Facebook is working on developing the most detailed map to include every human-occupied building on Earth. The social network is doing this so that in the future, everyone can know what it’s like to be on Facebook–even those living in the most undeveloped areas.

Facebook

Map to help Facebook get everybody online

Facebook’s Internet.org Connectivity Lab, which aims to improve internet access in developing countries, will handle the mapping project. Almost 10% of the world population is living in inactive and undeveloped areas with no Internet connection.

Already the project has analyzed 21.6 million square kilometers’ worth of satellite imagery, which is almost 350 terabytes of data. The process has helped in getting a more certain idea of the location of buildings in rural and remote areas. This will help the social media giant figure out the best way to give the communities access to the Internet by learning where people live in relation to each other.

Currently, the company is working on making drones to beam Internet signals down to inactive and rural areas without any wireless access, and this detailed map will prove to be of great use as it will help in informing the company about where to use this technology.

Better than others

Announcing the project, the social networking site wrote in its blog post, “Villages lined up along a river or road could be connected by a string of terrestrial point-to-point links, while scattered settlements might require an aerial backhaul solution such as unmanned aerial vehicles or satellites.”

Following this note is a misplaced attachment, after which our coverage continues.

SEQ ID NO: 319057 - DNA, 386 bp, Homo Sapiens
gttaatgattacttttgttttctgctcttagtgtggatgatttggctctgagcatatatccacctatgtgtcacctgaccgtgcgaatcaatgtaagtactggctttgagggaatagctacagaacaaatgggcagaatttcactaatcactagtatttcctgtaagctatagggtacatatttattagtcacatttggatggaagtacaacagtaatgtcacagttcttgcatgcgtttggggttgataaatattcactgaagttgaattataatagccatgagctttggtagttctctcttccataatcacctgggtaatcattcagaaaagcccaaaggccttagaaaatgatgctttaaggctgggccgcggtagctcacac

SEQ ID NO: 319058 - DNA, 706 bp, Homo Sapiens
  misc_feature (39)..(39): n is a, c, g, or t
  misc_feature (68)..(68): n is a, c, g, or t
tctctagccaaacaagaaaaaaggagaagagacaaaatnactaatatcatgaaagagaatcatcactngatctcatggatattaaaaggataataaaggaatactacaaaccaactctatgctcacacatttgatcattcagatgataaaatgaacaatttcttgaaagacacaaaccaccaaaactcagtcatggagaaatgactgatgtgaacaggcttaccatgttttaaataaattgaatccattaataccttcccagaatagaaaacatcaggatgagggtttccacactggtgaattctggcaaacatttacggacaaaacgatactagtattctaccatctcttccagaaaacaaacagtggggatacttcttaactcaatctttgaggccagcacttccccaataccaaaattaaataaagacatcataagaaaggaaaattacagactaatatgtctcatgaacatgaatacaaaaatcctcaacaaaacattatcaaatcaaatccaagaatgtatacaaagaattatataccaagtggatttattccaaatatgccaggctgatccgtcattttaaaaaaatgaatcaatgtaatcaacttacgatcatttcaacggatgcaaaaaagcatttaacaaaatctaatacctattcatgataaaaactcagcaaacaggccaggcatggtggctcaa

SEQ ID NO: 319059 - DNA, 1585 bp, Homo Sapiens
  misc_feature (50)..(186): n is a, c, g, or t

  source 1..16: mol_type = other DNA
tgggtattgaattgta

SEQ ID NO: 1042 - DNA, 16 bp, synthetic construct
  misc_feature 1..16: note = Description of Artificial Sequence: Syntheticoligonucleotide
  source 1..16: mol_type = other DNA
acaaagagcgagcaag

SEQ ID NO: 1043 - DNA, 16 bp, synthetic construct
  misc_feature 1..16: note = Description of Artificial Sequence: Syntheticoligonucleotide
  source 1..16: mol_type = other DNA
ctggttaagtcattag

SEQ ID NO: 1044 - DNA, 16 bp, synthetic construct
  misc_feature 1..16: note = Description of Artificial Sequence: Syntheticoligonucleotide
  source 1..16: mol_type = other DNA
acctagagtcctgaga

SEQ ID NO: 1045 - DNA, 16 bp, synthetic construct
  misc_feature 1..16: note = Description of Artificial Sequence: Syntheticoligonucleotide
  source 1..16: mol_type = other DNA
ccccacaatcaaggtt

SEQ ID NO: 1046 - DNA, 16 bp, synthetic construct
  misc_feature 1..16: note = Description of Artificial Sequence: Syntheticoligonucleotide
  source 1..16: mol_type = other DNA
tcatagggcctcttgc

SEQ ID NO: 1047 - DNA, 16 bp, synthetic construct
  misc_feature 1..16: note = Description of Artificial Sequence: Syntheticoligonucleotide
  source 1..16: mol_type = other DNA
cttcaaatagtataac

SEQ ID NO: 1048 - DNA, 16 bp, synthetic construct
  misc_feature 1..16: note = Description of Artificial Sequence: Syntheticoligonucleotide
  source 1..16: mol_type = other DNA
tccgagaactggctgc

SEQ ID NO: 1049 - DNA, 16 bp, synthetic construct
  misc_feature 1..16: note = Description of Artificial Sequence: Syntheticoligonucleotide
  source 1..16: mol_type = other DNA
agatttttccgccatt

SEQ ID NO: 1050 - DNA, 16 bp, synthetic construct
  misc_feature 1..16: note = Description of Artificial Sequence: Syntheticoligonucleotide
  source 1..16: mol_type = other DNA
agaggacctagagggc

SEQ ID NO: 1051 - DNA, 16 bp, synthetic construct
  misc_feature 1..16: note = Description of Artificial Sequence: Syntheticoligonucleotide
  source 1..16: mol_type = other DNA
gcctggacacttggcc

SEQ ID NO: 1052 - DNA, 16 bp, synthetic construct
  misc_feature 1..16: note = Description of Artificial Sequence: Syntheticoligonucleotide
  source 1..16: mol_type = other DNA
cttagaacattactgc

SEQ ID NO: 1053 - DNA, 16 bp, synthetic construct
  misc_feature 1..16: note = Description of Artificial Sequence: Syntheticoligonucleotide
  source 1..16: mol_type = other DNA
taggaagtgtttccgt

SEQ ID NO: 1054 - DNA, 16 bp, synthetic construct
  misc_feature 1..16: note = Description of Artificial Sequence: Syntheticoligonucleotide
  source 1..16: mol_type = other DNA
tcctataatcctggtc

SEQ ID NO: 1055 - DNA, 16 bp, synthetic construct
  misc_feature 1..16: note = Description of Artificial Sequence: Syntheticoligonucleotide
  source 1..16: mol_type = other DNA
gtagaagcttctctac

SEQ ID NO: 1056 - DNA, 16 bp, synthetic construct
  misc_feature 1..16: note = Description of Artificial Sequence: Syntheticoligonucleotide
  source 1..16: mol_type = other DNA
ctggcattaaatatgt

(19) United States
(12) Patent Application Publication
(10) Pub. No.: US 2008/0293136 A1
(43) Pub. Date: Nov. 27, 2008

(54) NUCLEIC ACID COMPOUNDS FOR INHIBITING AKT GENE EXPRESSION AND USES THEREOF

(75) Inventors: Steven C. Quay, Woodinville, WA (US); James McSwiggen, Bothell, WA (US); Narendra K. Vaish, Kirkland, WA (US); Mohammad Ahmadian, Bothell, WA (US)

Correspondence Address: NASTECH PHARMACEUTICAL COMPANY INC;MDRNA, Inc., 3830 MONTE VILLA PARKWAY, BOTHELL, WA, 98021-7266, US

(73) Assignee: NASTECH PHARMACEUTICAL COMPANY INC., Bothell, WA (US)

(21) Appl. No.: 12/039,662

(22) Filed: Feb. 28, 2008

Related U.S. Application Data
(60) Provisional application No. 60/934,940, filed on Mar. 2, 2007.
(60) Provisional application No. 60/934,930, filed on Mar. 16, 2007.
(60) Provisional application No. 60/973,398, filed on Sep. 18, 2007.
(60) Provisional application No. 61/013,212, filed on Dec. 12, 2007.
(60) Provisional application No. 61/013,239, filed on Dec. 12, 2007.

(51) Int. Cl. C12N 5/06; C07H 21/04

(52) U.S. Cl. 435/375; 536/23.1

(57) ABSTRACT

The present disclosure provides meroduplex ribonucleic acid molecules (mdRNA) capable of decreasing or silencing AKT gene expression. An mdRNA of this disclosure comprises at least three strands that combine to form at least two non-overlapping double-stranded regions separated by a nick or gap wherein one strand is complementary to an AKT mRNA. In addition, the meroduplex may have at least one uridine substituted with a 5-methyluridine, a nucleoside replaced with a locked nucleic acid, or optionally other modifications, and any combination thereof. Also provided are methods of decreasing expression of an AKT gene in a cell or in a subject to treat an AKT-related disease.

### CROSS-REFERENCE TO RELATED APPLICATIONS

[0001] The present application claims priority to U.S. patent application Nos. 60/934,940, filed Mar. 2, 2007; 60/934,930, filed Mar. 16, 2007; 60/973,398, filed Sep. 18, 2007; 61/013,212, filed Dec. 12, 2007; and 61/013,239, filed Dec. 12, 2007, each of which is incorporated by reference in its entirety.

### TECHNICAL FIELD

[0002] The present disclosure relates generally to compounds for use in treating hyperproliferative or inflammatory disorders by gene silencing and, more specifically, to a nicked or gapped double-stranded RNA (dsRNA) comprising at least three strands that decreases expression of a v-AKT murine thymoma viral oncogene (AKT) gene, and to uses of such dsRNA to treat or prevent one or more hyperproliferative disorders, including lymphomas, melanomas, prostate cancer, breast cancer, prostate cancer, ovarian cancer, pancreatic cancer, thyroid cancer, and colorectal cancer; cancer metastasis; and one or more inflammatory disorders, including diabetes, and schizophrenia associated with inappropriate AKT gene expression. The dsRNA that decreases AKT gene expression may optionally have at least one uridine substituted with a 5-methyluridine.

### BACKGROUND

Such maps are much better and clearer than the maps provided by information centers. To prove this, a report from Vox compared Facebook’s map with a map from Columbia University’s Center for International Earth Science Information Network. The map provided by the former is clearer and simpler to look at, whereas the map provided by the latter is very complex. Facebook’s map shows clear satellite images, whereas on the university’s map, the representation of the human population distributions is done in vague orange squares.

Speaking at the World Mobile Convention, Facebook CEO Mark Zuckerberg said the social networking site is planning to make this map project open to the public this year. He is hoping that this project could be used further for other work as well.

“We believe this data has many more impactful applications, such as socio-economic research and risk assessment for natural disasters,” the blog said.